Objective—To determine the rate of development of septic arthritis after elective arthroscopy and evaluate associations between various factors and development of this complication in horses.
Design—Retrospective case series.
Animals—682 horses that underwent arthroscopic procedures at the University of Illinois Veterinary Teaching Hospital from 1994 to 2003.
Procedures—Information pertaining to signalment, joints treated, whether antimicrobials were administered, and development of postoperative septic arthritis was collected from medical records. Horses with a primary problem of septic arthritis or wounds involving joints were excluded. The following factors were evaluated to determine their roles in joint sepsis: breed, sex, joint, and preoperative and intra-articular administration of antimicrobials. Telephone interviews with clients were used to determine whether unreported septic arthritis had developed.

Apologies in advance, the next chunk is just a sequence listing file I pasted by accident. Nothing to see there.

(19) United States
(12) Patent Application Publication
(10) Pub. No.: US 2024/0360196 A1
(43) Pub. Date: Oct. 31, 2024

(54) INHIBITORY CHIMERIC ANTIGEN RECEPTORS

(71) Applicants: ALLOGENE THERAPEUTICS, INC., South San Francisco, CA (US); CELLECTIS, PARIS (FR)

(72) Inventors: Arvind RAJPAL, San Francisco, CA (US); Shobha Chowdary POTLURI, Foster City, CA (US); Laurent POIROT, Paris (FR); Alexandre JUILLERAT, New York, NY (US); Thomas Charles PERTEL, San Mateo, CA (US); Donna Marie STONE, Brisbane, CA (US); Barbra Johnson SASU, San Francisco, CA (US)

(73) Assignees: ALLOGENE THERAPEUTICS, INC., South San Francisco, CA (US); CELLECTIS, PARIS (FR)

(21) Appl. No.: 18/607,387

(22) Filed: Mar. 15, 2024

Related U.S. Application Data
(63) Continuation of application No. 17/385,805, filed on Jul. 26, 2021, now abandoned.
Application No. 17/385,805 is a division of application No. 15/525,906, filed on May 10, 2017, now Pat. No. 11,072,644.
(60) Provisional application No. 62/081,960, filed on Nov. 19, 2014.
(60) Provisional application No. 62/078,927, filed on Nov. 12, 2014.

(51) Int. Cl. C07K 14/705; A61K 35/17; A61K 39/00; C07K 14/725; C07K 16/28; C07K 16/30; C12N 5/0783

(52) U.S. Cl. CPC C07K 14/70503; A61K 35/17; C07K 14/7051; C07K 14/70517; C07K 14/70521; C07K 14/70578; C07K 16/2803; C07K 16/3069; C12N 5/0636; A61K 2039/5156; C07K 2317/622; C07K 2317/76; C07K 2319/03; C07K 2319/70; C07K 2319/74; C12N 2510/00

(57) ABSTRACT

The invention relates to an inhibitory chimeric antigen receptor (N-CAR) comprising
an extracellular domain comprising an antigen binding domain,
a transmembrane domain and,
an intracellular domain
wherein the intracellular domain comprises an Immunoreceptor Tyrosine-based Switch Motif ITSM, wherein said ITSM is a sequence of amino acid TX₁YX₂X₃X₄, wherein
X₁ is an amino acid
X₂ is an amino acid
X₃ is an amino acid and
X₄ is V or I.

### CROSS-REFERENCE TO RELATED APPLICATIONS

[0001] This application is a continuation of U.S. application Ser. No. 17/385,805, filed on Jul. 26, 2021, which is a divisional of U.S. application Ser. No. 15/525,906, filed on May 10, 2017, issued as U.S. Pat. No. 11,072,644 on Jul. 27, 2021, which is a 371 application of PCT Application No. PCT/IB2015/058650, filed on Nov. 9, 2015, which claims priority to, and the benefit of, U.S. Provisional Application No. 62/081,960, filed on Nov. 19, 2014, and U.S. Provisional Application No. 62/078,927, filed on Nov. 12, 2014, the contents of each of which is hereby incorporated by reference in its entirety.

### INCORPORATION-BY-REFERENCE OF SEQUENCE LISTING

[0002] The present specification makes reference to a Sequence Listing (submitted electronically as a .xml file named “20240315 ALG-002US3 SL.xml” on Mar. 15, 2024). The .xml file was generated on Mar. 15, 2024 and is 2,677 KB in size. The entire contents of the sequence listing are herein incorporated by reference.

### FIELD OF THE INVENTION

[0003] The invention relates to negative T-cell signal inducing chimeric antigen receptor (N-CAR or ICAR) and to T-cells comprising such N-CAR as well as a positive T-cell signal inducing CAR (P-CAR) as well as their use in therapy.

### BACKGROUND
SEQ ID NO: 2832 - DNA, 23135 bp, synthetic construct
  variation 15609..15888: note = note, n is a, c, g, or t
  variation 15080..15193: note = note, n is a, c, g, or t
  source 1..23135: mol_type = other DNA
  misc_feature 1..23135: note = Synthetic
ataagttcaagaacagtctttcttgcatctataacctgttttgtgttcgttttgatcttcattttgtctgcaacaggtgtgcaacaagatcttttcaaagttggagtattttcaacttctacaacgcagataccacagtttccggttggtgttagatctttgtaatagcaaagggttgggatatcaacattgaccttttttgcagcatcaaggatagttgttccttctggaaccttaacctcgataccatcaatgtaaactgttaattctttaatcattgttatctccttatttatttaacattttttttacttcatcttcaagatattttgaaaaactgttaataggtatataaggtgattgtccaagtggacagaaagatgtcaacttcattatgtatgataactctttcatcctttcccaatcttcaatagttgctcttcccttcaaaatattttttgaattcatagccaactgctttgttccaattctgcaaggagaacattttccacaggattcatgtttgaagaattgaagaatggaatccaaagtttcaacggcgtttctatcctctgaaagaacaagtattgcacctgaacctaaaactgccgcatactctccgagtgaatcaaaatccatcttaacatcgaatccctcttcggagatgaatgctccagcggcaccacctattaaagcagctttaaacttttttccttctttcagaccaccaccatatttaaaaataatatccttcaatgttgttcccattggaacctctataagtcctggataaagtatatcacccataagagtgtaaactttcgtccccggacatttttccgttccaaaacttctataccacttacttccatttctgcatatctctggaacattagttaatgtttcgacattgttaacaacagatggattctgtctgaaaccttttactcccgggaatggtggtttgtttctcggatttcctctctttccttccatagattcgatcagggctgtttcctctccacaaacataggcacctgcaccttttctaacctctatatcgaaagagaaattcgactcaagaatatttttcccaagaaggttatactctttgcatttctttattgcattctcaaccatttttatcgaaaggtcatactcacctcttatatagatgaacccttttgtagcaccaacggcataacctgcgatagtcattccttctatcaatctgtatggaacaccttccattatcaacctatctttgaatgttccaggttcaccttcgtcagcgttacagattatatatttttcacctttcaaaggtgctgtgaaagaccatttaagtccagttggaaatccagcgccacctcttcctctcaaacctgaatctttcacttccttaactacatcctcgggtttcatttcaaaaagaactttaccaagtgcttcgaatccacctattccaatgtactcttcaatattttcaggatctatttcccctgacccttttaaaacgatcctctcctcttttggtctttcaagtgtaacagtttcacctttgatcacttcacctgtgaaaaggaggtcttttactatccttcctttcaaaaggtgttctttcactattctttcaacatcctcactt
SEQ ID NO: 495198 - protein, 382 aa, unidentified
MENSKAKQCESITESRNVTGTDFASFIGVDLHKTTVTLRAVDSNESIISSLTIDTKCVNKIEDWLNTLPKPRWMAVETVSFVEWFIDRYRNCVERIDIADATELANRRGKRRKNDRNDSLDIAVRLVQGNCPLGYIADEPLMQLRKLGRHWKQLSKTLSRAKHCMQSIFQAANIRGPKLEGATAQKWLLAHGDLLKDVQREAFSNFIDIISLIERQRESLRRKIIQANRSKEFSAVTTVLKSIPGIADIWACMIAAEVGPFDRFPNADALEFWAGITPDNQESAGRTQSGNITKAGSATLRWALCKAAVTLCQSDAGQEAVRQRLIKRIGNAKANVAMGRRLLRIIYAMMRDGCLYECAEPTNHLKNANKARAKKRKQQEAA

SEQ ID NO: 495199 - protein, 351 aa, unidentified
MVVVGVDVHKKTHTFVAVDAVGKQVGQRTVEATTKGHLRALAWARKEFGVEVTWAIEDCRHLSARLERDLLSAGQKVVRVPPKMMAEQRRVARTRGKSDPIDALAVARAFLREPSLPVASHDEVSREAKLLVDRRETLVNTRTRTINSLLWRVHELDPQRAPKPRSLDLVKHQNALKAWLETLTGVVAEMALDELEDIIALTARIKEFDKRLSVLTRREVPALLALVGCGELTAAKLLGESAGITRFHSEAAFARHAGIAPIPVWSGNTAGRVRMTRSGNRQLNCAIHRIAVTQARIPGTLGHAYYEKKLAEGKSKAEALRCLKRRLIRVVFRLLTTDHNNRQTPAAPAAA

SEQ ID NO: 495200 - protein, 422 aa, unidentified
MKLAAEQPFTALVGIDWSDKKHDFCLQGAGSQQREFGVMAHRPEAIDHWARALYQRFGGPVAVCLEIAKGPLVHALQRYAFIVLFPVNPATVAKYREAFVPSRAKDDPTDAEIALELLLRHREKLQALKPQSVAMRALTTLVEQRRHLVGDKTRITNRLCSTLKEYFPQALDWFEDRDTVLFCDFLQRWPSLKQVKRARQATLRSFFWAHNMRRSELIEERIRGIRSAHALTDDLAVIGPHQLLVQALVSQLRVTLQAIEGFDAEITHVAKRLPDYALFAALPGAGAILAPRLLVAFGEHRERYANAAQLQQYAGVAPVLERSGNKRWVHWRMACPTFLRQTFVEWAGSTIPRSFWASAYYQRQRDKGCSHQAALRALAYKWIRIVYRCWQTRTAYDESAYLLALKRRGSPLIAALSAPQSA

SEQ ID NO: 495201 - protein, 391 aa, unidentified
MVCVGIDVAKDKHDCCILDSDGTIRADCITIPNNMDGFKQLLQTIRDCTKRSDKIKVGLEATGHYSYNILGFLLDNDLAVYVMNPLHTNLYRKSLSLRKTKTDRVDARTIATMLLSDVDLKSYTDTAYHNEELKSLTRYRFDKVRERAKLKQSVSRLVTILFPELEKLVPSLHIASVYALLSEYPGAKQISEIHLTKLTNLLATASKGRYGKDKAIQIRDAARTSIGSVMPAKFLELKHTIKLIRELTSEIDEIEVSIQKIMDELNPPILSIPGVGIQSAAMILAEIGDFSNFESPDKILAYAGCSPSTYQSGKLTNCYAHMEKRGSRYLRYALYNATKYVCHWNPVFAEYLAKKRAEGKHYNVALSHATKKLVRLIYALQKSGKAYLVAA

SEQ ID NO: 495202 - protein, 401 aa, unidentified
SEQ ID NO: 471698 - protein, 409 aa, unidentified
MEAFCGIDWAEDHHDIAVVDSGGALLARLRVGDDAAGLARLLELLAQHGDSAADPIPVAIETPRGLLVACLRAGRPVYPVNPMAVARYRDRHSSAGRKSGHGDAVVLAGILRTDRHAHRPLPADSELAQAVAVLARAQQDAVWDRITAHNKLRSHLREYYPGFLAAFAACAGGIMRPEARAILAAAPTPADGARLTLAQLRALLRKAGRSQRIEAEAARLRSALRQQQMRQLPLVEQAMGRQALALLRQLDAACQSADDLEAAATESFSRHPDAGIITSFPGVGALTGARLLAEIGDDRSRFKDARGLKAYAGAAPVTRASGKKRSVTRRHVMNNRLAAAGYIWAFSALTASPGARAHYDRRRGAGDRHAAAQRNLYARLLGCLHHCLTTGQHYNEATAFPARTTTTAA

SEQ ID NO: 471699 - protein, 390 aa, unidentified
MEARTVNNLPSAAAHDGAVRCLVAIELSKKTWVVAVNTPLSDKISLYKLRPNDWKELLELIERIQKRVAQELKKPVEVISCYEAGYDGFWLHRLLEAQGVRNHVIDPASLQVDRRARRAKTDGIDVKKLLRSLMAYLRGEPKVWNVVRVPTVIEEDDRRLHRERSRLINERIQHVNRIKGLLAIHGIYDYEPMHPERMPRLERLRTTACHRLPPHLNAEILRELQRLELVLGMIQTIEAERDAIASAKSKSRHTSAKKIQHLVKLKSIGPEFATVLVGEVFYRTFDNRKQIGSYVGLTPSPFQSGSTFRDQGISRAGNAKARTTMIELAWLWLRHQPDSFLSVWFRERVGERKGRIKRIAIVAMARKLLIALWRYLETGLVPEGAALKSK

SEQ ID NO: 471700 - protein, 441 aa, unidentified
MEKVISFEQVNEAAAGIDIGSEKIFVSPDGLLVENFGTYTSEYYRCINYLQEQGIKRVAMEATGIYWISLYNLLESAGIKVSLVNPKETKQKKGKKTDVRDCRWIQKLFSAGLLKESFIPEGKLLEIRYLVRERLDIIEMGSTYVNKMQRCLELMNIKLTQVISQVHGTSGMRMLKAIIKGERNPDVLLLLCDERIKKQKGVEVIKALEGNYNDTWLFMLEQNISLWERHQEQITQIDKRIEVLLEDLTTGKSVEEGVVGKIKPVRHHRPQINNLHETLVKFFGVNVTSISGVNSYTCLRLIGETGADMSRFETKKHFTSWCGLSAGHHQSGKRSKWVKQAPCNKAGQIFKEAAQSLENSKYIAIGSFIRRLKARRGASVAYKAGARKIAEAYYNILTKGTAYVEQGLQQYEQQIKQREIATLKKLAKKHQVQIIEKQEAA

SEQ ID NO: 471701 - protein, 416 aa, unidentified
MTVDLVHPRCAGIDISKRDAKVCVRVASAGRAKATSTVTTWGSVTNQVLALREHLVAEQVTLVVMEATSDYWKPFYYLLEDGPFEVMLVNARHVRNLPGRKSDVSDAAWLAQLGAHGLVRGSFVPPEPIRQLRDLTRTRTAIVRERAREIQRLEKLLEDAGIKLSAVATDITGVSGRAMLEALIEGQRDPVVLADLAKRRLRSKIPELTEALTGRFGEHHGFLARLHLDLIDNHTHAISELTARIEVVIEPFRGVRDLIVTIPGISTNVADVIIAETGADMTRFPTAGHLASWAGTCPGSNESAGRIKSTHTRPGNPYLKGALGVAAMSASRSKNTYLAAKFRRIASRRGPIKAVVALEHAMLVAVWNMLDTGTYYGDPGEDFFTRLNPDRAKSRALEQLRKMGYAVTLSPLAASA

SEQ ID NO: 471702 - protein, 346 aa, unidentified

Results—8 of 932 (0.9%) joints in 7 of 682 (1.0%) horses that underwent arthroscopy developed postoperative septic arthritis. Follow-up information after discharge from the hospital was available for 461 of the 682 horses, and of those, 8 of 627 (1.3%) joints in 7 of 461 (1.5%) horses developed septic arthritis. Breed and joint treated were significant risk factors for development of postoperative septic arthritis, with draft breeds and tibiotarsal joints more likely than others to be affected. Sex, preoperatively administered antimicrobials, and intra-articularly administered antimicrobials were not associated with development of postoperative septic arthritis.
Conclusions and Clinical Relevance—Results can be used for comparison with data from other institutions and surgical facilities. Additional precautions should be undertaken when arthroscopic surgery involves draft breeds and tibiotarsal joints.